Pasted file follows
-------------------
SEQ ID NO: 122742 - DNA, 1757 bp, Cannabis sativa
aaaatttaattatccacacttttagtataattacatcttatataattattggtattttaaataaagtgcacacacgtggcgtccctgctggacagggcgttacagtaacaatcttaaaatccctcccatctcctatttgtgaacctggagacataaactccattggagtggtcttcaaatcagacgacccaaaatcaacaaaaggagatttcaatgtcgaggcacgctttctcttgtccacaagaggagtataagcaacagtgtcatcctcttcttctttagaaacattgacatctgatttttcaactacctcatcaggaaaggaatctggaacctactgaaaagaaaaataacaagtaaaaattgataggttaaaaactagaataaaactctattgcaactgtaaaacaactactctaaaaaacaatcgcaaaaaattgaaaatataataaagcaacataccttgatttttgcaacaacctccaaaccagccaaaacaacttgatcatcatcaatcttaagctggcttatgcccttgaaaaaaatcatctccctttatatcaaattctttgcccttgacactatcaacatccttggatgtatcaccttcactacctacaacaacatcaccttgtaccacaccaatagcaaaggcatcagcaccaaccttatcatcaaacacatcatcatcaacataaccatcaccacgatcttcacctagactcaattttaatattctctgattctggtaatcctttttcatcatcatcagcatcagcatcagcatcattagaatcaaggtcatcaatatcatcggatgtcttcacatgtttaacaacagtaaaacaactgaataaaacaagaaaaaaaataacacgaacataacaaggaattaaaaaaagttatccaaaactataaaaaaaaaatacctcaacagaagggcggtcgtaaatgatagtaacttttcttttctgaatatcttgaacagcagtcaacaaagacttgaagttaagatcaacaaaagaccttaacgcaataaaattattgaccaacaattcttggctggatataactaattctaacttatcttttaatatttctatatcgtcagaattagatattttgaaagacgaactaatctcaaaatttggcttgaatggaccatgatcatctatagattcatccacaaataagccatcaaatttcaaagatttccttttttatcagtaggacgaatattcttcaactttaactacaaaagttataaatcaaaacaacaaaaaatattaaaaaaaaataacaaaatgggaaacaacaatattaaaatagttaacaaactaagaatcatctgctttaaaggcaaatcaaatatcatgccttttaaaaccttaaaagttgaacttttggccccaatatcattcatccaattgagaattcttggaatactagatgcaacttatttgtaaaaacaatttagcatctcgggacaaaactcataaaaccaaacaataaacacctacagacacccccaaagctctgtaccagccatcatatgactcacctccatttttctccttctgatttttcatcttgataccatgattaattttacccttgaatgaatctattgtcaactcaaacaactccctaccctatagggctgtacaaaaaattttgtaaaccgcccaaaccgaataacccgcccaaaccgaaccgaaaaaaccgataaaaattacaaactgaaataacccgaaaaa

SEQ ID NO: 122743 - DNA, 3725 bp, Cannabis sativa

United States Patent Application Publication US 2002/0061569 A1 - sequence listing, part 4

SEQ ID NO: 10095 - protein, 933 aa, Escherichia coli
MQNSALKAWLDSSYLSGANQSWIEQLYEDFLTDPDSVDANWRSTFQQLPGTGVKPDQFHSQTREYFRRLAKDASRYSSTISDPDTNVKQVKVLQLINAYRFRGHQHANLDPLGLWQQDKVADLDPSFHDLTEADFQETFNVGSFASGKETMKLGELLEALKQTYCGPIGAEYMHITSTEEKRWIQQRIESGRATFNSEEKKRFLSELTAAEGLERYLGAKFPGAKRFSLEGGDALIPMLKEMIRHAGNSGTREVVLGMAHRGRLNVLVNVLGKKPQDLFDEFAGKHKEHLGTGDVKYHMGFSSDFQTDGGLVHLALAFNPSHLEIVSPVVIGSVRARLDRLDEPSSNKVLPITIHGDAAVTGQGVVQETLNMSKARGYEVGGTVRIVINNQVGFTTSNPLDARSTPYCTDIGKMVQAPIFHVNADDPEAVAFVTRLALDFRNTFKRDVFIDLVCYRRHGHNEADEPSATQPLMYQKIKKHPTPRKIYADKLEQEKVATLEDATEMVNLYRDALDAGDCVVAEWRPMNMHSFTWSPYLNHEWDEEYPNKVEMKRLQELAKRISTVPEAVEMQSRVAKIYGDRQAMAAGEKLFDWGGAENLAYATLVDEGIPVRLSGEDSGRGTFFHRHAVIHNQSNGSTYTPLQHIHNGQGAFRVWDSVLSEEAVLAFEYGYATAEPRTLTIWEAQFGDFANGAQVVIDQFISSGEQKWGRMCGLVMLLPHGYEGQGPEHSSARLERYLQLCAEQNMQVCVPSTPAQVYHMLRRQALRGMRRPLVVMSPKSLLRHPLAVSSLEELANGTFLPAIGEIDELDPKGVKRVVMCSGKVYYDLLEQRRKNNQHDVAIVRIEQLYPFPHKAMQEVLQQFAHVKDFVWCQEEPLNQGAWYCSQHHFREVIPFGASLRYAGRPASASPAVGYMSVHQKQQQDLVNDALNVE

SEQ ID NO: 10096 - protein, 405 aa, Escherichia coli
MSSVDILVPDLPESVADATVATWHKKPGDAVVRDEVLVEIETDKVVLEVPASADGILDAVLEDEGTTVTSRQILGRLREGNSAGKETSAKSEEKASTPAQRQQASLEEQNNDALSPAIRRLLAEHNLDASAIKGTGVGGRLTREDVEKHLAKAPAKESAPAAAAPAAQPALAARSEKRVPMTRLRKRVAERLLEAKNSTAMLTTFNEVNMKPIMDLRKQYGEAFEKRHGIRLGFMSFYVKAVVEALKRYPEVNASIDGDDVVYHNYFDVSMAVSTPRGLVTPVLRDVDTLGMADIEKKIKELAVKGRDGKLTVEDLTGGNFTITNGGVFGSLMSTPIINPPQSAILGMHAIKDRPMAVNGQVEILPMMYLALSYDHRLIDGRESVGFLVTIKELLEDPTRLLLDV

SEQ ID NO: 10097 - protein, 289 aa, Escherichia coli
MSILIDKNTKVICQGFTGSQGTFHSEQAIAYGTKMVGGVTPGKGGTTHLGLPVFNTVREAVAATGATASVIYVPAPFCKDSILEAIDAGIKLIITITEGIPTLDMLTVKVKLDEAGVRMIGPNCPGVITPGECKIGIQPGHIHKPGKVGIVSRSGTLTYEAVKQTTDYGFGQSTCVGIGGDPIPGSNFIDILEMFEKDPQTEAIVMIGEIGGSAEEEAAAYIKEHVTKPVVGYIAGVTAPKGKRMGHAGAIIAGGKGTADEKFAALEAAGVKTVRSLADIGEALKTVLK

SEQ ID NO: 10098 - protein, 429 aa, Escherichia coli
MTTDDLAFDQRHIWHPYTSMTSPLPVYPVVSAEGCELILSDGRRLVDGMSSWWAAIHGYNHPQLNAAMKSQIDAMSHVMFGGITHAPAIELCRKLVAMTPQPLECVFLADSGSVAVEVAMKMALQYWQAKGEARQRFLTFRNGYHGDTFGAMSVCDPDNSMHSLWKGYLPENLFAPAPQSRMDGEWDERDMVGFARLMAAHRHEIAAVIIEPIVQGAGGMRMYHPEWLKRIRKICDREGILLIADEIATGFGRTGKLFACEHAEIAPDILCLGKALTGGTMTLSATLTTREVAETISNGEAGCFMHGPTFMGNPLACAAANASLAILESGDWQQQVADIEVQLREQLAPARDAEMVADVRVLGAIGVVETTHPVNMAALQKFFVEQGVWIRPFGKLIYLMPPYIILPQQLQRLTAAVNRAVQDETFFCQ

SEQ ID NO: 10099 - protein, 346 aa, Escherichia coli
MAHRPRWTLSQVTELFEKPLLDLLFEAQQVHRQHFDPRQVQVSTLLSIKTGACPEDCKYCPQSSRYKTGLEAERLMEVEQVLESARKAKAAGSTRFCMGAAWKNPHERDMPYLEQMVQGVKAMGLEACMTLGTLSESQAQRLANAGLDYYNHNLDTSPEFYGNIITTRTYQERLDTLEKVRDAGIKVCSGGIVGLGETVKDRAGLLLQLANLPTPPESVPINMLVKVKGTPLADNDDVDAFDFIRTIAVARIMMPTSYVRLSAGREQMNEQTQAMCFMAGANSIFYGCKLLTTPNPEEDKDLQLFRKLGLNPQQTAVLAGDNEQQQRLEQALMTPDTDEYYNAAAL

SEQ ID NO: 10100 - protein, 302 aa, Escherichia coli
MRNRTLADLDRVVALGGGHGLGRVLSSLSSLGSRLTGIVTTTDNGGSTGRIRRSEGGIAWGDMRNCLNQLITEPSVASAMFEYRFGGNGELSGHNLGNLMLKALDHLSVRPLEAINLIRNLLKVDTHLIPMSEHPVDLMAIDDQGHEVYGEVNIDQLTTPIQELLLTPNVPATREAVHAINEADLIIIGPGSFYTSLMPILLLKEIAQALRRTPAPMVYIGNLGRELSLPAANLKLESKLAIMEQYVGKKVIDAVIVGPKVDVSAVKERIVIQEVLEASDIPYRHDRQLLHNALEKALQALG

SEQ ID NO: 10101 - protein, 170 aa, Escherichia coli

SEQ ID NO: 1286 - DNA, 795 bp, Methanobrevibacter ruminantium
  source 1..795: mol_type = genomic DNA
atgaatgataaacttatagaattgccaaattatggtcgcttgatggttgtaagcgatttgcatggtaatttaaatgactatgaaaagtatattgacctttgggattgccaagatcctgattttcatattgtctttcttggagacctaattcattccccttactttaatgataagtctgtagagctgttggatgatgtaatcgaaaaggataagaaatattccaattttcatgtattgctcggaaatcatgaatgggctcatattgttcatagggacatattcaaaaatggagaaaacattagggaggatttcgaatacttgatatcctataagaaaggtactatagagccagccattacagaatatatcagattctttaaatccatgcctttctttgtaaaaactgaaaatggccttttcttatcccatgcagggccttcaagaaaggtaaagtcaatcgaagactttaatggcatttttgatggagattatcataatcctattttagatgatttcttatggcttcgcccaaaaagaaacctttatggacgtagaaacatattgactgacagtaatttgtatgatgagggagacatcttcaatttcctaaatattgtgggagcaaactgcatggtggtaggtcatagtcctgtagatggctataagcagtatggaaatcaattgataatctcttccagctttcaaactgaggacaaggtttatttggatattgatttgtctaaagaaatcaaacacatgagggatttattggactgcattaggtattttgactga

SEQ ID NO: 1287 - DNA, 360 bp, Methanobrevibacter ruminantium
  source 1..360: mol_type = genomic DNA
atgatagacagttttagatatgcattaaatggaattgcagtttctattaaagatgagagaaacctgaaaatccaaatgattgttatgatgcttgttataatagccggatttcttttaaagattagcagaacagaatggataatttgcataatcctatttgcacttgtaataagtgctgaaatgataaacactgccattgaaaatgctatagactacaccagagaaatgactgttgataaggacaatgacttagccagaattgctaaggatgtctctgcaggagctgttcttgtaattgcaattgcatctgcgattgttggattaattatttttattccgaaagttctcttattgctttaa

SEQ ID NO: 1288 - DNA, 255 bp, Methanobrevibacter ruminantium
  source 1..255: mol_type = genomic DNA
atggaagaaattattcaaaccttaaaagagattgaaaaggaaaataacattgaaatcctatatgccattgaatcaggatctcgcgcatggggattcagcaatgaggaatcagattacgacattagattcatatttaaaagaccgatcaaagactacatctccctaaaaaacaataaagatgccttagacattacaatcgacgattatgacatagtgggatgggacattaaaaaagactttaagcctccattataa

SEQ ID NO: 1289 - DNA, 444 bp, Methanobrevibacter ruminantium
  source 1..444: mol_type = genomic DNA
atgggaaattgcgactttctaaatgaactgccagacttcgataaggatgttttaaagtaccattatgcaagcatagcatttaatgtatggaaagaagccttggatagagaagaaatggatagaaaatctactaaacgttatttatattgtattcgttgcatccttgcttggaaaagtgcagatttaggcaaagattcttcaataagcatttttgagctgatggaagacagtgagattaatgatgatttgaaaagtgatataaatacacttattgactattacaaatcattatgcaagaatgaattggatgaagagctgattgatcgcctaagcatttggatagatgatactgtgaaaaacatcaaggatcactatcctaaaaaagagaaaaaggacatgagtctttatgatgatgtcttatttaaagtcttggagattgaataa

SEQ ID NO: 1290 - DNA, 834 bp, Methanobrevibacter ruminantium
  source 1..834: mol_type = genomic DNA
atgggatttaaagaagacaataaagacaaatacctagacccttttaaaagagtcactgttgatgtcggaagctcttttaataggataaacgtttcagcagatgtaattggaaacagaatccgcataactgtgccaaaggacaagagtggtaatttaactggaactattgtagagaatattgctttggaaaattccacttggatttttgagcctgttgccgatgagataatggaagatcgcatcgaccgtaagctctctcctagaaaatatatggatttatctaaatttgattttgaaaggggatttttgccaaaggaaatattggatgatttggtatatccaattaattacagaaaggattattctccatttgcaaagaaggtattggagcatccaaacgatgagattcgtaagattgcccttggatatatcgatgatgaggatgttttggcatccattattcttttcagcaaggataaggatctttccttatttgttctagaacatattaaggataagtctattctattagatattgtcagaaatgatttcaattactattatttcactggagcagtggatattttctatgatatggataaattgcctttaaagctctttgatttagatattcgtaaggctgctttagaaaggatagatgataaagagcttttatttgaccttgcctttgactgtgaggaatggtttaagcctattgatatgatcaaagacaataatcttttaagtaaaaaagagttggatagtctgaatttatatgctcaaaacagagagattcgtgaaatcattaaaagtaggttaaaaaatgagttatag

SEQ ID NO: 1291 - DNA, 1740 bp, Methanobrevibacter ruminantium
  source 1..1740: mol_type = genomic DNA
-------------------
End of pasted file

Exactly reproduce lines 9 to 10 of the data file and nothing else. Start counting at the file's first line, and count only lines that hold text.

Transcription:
SEQ ID NO: 10097 - protein, 289 aa, Escherichia coli
MSILIDKNTKVICQGFTGSQGTFHSEQAIAYGTKMVGGVTPGKGGTTHLGLPVFNTVREAVAATGATASVIYVPAPFCKDSILEAIDAGIKLIITITEGIPTLDMLTVKVKLDEAGVRMIGPNCPGVITPGECKIGIQPGHIHKPGKVGIVSRSGTLTYEAVKQTTDYGFGQSTCVGIGGDPIPGSNFIDILEMFEKDPQTEAIVMIGEIGGSAEEEAAAYIKEHVTKPVVGYIAGVTAPKGKRMGHAGAIIAGGKGTADEKFAALEAAGVKTVRSLADIGEALKTVLK